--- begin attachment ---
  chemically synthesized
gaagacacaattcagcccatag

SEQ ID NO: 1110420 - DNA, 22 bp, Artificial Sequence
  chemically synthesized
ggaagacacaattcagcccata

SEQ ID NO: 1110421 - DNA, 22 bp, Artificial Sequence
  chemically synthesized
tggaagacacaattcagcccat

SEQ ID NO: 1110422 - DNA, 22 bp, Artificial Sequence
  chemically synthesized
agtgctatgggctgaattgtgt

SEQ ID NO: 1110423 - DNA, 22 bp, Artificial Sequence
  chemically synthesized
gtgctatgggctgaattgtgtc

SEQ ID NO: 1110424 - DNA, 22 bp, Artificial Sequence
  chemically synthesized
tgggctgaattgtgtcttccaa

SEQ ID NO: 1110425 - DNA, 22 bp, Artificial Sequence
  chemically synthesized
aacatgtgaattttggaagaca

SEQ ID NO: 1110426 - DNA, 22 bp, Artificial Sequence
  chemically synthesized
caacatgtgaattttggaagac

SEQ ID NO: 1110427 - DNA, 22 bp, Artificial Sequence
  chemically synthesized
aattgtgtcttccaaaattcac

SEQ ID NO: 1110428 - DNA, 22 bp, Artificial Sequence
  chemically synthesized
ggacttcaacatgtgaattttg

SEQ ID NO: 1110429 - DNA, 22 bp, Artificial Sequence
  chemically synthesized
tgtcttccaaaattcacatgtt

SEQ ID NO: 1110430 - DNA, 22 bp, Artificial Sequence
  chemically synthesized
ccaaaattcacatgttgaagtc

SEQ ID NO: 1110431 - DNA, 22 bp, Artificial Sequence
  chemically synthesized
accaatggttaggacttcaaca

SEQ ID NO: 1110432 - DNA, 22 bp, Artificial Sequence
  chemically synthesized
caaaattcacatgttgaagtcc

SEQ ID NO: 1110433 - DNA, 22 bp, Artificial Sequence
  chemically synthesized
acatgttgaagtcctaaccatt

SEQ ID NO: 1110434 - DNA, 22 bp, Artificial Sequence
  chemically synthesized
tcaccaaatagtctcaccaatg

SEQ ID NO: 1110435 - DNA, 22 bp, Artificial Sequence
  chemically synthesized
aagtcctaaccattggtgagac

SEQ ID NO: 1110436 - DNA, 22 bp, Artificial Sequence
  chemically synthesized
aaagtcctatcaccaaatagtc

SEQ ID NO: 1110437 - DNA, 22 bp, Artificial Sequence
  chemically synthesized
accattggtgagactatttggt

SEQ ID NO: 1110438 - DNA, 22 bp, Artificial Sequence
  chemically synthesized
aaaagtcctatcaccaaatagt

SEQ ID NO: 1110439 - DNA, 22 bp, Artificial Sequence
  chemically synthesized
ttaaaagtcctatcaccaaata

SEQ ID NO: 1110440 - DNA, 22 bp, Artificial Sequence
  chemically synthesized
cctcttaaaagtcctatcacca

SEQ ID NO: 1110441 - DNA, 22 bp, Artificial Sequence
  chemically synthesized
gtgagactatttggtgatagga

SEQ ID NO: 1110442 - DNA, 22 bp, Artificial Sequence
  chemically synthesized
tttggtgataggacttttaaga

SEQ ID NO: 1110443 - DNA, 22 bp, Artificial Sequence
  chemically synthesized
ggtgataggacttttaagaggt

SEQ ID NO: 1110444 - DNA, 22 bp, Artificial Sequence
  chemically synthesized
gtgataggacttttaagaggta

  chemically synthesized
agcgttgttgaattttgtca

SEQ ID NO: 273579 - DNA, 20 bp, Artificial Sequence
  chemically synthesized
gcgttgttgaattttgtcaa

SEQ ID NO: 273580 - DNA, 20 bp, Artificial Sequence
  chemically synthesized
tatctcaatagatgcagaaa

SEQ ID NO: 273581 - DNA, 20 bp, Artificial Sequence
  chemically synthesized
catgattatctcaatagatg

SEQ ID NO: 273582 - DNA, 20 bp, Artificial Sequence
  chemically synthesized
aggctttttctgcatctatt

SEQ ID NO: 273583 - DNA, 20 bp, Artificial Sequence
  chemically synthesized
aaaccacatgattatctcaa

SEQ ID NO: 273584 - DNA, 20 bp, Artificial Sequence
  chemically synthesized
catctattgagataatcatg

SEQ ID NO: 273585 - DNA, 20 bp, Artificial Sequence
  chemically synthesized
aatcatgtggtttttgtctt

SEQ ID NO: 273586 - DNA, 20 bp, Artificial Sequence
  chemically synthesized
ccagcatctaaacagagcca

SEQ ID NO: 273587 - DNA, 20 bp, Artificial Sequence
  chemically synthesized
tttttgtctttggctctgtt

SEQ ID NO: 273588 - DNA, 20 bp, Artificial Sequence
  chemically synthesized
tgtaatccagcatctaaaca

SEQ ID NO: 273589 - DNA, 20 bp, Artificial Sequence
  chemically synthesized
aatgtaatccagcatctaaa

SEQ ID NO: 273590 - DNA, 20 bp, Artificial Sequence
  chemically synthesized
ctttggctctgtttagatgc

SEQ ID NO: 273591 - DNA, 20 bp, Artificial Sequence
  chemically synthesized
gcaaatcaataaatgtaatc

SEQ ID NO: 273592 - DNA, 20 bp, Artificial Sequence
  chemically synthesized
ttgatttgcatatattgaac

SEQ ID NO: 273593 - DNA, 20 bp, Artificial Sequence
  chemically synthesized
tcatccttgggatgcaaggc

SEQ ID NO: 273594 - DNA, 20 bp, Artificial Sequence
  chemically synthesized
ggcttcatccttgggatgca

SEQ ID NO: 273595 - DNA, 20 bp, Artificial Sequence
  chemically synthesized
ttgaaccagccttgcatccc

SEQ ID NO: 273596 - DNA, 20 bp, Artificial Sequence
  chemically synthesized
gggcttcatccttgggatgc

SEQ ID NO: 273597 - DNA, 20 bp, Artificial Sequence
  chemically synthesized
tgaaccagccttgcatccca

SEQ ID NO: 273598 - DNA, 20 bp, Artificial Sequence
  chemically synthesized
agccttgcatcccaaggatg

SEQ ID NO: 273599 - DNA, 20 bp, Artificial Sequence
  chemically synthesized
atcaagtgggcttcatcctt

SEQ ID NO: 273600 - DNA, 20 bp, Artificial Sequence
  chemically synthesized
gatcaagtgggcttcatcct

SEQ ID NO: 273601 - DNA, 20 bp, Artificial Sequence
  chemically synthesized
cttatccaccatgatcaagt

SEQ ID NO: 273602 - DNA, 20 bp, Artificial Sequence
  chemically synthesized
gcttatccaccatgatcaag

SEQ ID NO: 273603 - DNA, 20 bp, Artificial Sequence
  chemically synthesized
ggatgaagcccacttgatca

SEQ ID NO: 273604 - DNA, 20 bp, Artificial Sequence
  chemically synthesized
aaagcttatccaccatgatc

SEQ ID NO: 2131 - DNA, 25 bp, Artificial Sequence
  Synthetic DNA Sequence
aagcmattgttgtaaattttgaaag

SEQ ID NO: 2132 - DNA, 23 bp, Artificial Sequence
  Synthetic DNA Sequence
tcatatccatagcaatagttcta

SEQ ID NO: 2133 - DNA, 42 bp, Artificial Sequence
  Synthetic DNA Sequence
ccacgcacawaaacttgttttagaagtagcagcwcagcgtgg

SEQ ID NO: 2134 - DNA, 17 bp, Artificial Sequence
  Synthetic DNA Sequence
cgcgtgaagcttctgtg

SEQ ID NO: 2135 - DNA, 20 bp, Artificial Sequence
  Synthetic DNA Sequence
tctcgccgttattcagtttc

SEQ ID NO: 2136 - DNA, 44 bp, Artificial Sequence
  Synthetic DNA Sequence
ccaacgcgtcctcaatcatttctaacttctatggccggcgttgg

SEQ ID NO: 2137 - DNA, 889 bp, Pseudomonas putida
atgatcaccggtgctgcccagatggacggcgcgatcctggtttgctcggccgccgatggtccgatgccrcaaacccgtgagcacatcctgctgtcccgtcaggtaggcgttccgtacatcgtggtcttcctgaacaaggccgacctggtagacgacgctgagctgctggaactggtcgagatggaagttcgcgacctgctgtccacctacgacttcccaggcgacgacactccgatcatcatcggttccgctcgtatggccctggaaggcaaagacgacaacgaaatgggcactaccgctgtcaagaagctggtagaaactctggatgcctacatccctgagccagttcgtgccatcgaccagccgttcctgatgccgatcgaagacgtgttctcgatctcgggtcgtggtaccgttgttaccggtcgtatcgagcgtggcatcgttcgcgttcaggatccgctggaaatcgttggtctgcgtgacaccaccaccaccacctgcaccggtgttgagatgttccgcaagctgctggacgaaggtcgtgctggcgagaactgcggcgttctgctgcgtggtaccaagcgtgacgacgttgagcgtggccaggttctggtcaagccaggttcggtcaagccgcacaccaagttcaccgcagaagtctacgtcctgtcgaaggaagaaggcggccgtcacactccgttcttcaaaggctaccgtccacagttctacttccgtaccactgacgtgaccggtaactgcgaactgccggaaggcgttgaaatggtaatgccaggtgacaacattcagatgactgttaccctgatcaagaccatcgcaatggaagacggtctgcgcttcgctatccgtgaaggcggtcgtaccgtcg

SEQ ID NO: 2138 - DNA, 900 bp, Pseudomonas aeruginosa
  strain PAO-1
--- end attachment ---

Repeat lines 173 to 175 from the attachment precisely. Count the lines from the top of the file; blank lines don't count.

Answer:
SEQ ID NO: 2136 - DNA, 44 bp, Artificial Sequence
  Synthetic DNA Sequence
ccaacgcgtcctcaatcatttctaacttctatggccggcgttgg